Baby formula shortages have Pennsylvania parents scrambling
Searching online retailers late at night.
Driving to different stores.
Having family members scour stores in other cities and states.
Local moms say a nationwide baby formula shortage has them scrambling.
“Literally, in the last week, it's been nowhere to be found,” said Ross Township mother Deanna Tomaselli of the Enfamil Neuropro her 11-month-old daughter eats.
“I have enough for probably a month or so, but I don't know what's going to happen after that,” said Erin Arnold, who lives in Jefferson County and has a six-month-old baby.
Formula has been impacted by the supply-chain issues that have roiled the economy in the wake of the pandemic. The issue was exacerbated earlier this year when manufacturer Abbott Nutrition recalled some formula after four babies were hospitalized and two died after being sickened by its product. Some retailers have also limited how many items customers can purchase.
Mollie Lust, who lives in the Observatory Hill neighborhood in Pittsburgh’s North Side, said the recall wiped out much of the formula she had purchased. “We have family members in like seven different states looking for it, mailing it to us if they can find it,” she said.
The issue has drawn the ire of Congress.
The U.S. House Energy and Commerce Committee has said it will hold a hearing on the issue later this month.
The recall “exacerbated the already-dire situation,” U.S. Senator Bob Casey said in a letter last month to the commissioner of the Food and Drug Administration.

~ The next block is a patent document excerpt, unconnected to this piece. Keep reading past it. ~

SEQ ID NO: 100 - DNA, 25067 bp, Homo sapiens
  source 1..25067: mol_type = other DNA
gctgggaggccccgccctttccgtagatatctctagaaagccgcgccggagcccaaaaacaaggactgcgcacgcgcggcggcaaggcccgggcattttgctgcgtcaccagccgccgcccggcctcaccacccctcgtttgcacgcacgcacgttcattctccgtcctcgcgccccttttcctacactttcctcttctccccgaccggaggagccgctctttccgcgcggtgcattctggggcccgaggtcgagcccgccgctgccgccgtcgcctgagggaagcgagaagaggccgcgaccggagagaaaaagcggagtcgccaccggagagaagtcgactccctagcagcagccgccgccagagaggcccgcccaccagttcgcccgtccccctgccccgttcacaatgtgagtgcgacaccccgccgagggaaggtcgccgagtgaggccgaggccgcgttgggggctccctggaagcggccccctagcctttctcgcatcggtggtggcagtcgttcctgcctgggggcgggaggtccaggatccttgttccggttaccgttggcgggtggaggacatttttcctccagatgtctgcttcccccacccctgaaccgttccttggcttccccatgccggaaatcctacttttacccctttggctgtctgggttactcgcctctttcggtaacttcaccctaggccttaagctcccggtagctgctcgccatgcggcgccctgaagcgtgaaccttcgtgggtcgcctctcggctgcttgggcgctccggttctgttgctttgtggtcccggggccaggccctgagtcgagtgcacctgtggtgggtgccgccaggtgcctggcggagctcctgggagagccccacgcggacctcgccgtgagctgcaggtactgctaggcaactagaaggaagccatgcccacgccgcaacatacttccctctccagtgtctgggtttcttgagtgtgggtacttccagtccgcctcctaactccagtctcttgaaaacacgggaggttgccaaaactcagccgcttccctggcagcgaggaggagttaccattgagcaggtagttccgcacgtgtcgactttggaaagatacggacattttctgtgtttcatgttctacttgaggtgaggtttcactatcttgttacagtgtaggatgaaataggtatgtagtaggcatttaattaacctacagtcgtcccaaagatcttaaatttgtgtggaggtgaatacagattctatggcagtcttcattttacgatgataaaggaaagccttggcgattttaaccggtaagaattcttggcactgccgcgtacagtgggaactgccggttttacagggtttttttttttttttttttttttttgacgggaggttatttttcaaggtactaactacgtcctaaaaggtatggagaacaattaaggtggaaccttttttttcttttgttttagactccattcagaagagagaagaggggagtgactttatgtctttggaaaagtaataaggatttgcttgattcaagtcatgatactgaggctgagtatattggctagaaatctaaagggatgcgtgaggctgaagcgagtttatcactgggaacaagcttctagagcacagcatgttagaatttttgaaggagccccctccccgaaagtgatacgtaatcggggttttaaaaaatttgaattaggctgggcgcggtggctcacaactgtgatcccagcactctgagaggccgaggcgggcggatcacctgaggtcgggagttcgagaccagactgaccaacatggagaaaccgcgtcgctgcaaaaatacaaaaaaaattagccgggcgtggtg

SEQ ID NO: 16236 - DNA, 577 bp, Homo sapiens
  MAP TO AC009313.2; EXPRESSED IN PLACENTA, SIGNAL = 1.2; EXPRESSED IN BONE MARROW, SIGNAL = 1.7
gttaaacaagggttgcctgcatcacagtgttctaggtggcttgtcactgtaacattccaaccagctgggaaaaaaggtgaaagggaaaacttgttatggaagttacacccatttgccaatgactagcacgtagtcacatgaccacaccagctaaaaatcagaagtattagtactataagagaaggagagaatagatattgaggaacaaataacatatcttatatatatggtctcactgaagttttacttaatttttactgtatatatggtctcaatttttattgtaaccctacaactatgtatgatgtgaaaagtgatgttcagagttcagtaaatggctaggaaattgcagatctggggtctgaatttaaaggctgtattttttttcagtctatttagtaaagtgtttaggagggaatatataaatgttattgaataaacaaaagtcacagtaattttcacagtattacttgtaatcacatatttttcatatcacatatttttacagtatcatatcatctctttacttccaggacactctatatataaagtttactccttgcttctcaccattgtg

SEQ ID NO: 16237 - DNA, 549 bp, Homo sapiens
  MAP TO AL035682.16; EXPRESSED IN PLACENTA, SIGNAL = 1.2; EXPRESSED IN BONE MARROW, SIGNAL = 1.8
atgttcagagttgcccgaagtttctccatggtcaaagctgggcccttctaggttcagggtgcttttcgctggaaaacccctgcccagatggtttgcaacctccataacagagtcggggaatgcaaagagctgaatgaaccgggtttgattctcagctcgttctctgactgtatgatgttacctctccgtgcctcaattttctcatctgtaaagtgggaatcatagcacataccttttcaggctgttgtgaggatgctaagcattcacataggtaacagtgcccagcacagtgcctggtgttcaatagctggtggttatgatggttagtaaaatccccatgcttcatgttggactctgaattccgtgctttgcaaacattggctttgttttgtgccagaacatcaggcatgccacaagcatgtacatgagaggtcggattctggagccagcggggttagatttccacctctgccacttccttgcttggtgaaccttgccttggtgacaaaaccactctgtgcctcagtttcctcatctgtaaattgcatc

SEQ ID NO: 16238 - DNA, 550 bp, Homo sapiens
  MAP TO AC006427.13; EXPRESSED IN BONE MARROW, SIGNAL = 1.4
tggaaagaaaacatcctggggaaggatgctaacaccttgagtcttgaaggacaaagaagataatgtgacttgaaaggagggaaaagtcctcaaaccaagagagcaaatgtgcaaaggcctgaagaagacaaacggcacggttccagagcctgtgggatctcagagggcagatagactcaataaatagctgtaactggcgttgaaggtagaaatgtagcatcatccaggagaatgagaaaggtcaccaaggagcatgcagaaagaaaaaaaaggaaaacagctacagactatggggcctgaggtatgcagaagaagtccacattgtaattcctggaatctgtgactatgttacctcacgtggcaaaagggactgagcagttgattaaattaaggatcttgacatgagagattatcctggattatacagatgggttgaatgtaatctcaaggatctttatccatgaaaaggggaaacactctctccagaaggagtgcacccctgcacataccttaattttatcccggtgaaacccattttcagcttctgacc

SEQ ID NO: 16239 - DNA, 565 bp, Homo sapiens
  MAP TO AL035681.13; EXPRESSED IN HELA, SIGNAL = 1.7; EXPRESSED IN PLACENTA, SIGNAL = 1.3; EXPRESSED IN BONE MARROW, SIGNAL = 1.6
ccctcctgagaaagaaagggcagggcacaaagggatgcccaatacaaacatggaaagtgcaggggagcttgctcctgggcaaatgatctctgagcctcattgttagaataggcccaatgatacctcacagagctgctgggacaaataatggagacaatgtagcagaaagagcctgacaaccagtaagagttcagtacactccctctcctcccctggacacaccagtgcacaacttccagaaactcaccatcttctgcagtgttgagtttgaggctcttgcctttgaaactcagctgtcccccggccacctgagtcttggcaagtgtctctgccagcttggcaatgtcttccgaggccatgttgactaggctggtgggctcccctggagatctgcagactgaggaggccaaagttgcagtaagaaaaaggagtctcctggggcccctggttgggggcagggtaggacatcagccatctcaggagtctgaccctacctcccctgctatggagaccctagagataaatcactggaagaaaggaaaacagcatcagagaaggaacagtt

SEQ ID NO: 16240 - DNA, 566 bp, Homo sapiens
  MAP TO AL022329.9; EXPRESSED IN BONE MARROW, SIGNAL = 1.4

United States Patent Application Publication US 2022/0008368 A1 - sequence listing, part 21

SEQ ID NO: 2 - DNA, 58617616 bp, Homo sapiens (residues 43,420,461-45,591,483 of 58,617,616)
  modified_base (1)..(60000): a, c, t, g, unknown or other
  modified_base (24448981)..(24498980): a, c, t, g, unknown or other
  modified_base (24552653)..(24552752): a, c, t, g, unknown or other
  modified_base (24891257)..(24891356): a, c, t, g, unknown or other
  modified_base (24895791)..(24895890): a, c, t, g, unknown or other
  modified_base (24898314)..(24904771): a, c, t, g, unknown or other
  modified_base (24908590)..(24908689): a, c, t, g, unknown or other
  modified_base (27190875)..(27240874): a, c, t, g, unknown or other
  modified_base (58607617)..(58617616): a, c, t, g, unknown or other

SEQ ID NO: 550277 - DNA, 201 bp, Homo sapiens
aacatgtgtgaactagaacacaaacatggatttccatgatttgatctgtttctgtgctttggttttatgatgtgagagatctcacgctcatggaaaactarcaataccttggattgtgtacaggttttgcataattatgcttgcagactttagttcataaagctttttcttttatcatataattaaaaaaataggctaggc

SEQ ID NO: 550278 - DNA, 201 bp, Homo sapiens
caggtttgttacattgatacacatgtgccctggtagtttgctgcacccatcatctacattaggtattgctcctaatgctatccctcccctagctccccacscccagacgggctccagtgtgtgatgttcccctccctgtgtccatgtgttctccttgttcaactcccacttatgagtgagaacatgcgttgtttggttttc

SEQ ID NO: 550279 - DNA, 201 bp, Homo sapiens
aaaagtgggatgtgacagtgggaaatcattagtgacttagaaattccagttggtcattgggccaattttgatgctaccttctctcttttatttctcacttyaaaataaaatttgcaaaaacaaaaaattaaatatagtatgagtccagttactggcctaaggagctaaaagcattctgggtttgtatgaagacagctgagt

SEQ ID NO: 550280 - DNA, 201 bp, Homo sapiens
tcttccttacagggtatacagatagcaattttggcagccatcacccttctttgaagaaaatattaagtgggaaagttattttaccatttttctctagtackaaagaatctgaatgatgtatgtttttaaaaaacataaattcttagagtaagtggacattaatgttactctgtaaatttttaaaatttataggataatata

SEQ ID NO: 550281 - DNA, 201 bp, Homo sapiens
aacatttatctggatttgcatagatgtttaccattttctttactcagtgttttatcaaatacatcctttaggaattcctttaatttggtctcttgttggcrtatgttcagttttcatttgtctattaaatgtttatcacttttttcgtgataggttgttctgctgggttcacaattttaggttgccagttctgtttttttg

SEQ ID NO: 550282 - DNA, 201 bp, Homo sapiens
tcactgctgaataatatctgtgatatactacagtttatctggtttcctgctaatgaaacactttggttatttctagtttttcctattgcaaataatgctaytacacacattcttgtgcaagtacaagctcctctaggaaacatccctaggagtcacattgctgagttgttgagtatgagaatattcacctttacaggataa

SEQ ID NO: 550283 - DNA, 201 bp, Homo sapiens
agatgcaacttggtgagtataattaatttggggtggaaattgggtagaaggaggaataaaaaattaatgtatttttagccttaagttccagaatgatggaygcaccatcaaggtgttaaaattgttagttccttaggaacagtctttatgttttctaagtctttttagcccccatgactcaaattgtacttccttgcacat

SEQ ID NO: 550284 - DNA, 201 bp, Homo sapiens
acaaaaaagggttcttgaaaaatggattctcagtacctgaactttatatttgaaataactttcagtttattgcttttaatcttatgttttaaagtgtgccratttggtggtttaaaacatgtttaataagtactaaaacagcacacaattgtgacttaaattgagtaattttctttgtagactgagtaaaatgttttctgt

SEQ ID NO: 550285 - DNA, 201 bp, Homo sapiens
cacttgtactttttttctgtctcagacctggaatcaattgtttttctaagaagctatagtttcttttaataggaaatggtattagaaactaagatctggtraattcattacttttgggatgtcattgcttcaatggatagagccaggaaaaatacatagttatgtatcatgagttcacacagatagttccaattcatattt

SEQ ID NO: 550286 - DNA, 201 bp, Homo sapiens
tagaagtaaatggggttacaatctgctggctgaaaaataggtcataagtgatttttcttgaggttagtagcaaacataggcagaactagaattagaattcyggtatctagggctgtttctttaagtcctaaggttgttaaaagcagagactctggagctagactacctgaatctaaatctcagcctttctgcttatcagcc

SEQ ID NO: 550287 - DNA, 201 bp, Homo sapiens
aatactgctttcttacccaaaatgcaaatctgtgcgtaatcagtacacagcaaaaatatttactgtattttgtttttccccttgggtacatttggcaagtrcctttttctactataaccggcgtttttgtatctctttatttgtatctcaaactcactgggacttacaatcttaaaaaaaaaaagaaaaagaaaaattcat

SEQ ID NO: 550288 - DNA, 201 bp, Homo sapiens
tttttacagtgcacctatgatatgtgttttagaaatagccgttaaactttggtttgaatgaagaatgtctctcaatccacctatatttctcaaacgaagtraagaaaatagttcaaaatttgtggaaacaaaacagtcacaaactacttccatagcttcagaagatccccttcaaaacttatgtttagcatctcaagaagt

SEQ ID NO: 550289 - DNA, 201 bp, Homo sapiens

“While many infant formulas are interchangeable from a health or regulatory perspective, parents of infants who rely on formula to supplement breastmilk or as a sole source of nutrition find that in practice, infants often prefer certain formulations. Additionally, some infants develop allergies or sensitivities that require the use of specific formulas to ensure the infant’s continued health and growth… Furthermore, infant formula is expensive, and the sudden drop in supply caused by the recall is likely to drive up prices even further,” Casey and his Senate Democratic colleague Sherrod Brown wrote.
The shortage has risen in visibility as Republicans have attacked President Joe Biden on the issue; the White House addressed it during a press briefing Monday. On Thursday, the White House said the President met with retailers and manufacturers about the issue.
The Food and Drug Administration said in a statement this week it recognizes the supply issues and is working to fix them.
“We recognize that many consumers have been unable to access infant formula and critical medical foods they are accustomed to using and are frustrated by their inability to do so. We are doing everything in our power to ensure there is adequate product available where and when they need it,” said FDA Commissioner Robert Califf.
Experts advise against diluting formula to stretch it out or making your own at home, as that can be harmful to babies.
Tomaselli said she has found some of the public discourse around the issue frustrating.
“I think people should not be quick to say, ‘Oh, you can breastfeed,’ or ‘Oh, you can make your own formula.’ Because, number one, I don't think making your own formula is safe."
Tomaselli said she has couldn't breastfeed because her milk didn't come in.
"I wanted to, but I couldn't. And it's like 11 months later, I can't magically make milk appear today. So, I think people need to just not be judgmental and understand that formula is essential for babies' growth and development.”